Many people with chronic illness seem over time to develop a love/hate relationship with their body. They understand the tiniest nuances of how it reacts to specific medications, to different foods, to various environmental factors. But ultimately if you suffer from an incurable, physically compromising illness, there end up being times when you just want to dump your entire body and start over with a healthy new one. Which of course is impossible.
Or is it?
Since college, I’ve joked1 about transplanting my brain in a healthy, Crohn’s-free body. As my fantasy began to develop, it incorporated finding and retaining a world-class neurosurgeon who would be willing to perform such an unproven, ethically questionable procedure. In my teenage years, I envisioned this secret surgery taking place in a makeshift operating room, perhaps in an abandoned hospital we had refurbished, or in some researcher’s basement hobby lab.2
I can’t take credit for this approach to guerrilla brain transplantation. I first came across it during the late 1970s in the Larry Niven story The Defenseless Dead (contained in the Niven collection “The Long ARM of Gil Hamilton”).3 (Spoilers ahead.) Niven’s antagonist is a criminal seeking to change his identity as completely and untraceably as possible. So he kidnaps an orphaned college student who has a squeaky clean police record and is the heir to a large fortune. The criminal has his brain and spinal cord clandestinely transplanted into the body of the college student. (This ends up killing the college student, since his brain is destroyed in the process.) Thus the criminal “assumes ownership” of the college student’s DNA, fingerprints, and other identifiable physical characteristics, while pretending to be the college student, making it virtually impossible for the police to identify him.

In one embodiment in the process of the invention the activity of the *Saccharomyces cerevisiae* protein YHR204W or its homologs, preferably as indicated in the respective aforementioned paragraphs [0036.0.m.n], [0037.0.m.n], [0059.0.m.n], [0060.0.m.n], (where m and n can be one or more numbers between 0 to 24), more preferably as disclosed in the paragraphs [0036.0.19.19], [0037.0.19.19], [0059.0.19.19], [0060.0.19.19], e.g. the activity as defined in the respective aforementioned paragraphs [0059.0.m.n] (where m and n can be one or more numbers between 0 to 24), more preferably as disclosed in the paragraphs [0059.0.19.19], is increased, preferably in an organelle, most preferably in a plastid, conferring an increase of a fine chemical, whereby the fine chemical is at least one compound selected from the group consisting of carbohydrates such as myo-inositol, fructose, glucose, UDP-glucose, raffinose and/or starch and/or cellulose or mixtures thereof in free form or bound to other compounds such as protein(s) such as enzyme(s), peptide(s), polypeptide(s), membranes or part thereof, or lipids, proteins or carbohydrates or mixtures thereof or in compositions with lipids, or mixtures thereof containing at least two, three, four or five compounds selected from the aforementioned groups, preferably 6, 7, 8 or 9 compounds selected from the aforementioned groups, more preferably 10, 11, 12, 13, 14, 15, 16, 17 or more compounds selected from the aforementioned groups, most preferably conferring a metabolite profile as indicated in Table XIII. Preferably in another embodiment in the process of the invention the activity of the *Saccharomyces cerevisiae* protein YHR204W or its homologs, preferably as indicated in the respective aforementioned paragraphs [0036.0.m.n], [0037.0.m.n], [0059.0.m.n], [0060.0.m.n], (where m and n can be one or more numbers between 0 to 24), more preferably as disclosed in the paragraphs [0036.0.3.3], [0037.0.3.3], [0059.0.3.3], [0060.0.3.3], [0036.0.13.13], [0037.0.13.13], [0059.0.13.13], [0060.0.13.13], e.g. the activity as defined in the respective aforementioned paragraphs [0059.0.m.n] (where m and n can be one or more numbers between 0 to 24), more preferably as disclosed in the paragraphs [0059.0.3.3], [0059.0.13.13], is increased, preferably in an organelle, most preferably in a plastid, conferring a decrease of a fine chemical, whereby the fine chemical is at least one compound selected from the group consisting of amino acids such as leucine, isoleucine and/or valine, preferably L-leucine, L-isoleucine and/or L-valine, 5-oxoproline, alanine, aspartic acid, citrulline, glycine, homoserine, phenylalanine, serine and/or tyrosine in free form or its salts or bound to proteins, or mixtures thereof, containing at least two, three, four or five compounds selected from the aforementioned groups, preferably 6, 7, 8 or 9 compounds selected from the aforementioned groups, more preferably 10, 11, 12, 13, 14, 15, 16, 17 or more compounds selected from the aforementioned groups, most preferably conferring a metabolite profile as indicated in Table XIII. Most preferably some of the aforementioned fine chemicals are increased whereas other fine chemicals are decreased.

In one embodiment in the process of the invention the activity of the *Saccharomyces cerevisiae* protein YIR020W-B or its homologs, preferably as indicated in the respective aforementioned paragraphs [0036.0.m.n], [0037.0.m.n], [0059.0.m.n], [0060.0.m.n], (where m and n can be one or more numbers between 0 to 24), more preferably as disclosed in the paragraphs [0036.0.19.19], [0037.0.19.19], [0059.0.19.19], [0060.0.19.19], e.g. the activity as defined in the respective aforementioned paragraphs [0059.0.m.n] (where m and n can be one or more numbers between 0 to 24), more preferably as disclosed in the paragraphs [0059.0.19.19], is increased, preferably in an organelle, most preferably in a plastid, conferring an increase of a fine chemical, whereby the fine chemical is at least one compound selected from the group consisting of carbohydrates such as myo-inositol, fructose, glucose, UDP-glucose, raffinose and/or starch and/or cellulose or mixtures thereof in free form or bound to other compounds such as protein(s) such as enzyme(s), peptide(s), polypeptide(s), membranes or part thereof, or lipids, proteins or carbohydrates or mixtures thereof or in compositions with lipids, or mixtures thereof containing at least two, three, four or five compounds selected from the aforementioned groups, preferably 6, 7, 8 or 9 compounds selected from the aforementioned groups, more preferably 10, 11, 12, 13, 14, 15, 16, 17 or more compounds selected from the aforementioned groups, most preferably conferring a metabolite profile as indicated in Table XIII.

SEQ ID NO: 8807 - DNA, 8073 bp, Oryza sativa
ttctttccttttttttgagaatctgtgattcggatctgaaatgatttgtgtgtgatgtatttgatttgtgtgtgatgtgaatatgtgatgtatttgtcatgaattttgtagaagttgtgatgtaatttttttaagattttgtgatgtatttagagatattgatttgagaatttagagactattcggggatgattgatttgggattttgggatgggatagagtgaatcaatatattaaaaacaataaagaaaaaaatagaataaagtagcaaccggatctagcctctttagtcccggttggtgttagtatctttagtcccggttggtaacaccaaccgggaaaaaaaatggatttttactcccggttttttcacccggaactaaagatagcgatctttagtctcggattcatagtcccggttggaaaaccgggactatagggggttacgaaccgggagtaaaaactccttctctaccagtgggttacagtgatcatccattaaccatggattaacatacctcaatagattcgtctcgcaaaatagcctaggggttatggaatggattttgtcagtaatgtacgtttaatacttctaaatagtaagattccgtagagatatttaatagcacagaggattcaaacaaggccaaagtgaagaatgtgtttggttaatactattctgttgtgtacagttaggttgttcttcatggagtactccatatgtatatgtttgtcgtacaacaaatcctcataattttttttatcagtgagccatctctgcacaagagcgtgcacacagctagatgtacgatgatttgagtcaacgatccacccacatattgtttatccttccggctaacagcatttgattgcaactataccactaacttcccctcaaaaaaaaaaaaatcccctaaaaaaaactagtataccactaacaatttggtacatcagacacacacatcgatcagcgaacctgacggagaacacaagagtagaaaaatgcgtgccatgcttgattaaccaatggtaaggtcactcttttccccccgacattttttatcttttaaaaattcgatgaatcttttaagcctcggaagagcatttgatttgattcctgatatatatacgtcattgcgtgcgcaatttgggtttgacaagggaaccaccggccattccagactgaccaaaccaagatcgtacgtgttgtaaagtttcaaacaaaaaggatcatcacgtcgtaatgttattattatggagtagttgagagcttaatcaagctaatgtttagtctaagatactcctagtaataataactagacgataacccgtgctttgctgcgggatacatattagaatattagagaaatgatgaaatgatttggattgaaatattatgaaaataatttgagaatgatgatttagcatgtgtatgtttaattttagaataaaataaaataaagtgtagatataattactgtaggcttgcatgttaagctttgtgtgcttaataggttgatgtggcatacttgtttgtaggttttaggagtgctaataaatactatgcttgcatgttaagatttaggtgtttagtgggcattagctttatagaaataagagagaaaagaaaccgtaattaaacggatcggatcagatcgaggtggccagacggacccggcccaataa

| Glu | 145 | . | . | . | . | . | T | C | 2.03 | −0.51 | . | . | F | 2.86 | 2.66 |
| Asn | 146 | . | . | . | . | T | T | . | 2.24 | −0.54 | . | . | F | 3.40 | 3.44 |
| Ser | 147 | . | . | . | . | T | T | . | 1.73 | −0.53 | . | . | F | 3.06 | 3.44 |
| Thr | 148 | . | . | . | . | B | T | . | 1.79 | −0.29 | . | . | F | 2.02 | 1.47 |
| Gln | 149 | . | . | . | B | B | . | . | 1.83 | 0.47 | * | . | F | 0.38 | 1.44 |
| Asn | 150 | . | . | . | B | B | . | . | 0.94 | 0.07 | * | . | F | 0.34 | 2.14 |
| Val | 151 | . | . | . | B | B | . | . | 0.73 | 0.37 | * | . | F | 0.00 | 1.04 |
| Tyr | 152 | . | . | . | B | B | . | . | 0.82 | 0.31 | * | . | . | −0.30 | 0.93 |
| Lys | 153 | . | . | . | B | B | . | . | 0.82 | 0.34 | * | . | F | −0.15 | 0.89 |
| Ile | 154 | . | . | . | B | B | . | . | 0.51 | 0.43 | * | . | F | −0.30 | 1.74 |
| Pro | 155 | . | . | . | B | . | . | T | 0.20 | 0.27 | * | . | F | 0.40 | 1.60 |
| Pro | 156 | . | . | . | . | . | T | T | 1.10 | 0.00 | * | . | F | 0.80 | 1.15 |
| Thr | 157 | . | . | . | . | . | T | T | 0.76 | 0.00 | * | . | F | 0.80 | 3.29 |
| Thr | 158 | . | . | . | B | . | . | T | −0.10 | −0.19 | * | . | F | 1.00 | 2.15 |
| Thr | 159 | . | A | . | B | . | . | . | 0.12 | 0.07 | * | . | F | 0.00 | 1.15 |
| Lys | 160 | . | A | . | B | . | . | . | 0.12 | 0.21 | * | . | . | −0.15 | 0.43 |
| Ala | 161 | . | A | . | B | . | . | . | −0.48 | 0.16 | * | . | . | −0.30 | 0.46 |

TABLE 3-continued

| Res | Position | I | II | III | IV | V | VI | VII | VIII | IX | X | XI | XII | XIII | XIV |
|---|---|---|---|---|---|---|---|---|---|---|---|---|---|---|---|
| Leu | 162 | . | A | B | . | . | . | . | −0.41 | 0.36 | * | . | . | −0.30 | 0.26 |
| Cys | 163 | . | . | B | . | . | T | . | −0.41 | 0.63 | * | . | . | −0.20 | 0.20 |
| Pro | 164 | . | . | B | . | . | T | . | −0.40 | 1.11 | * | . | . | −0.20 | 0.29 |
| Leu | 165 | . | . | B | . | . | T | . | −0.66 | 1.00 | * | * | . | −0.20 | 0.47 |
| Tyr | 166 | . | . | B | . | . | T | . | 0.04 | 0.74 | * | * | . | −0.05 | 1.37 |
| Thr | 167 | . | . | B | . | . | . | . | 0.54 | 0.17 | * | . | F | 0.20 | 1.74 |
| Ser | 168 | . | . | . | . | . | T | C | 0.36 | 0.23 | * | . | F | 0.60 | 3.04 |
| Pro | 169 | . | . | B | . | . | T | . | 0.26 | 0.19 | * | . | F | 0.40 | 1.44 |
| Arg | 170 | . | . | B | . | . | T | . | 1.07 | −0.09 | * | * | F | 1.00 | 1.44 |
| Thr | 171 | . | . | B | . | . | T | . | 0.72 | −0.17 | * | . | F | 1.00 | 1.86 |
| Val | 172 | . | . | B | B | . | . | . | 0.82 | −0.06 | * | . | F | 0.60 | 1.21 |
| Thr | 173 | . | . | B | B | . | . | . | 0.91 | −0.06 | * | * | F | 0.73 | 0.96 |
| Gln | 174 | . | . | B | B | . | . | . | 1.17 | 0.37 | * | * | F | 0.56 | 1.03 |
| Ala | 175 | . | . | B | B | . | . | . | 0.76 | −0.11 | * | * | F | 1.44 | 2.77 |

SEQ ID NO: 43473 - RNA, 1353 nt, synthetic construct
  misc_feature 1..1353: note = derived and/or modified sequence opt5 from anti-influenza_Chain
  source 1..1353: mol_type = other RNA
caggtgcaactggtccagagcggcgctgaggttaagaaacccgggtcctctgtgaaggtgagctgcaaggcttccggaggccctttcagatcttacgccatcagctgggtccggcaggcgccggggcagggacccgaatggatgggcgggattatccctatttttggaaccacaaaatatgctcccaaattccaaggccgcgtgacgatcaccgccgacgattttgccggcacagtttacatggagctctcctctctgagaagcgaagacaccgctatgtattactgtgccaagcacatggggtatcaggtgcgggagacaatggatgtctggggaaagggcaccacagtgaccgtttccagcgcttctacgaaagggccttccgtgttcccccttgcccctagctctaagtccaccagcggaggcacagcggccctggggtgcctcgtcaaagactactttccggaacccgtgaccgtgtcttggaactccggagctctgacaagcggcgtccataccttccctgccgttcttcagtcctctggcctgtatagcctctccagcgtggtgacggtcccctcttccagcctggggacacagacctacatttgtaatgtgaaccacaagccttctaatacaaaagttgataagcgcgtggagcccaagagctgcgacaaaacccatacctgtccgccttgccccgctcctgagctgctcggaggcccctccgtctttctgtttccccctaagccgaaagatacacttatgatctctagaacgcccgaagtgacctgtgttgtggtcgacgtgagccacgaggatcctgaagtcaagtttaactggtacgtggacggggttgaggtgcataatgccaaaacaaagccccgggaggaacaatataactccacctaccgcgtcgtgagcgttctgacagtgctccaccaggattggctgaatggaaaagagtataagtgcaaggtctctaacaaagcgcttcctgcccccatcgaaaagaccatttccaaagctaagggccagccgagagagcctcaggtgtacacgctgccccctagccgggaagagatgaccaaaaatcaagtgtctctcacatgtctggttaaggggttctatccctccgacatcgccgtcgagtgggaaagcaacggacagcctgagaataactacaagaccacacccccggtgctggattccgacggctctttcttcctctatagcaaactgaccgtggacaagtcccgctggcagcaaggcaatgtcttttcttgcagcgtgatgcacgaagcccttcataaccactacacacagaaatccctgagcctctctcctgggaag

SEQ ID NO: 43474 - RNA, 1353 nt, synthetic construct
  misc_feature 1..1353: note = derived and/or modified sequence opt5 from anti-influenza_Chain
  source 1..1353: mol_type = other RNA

As I’ve grown older, my brain transplant fantasy has grown as well. While I initially just wanted a healthy body,4 I now find myself wanting a younger, athletic, good-looking (think babe-magnet) type of body to house my transplanted brain. In fact, transplanting my brain into a new, younger body every 30–40 years or so might be one way to achieve immortality.
Science and medicine continue to advance, and procedures like brain transplantation — which once seemed science fiction — are moving closer to reality. So now when I daydream, it seems just a waiting game, and I occasionally wonder, “where’s my new body?”
Dealing with chronic illness can lead to some very creative fantasies and visions of “what if.” What sorts of dreams or fantasies have you imagined when faced with negative circumstances that are beyond your control?
- Reminder: Kevin has a strong sense of humor, and a reputation as a storyteller. Continue reading with tongue planted firmly in cheek. [↩]
- Details like this were strongly influenced by the media I encountered as a child. A story arc of the old TV series “Crime Story” told the tale of a dying Vegas mobster who kidnaps a heart surgeon and forces him to perform a heart transplant in a makeshift desert hospital in 1965. In reality, the first heart transplant wasn’t performed until 1967. [↩]
- The appearance of brain transplants in fiction goes back at least as far as Mary Shelley’s “Frankenstein.” And many of the fictional treatments of brain transplantation describe it as happening in secret. But as far as I know, Niven was the first person to describe using a total body transplant in this particular fashion. [↩]
- That donor body would come from someone who had suffered brain death, as I imagined it, but otherwise had not been physically injured. [↩]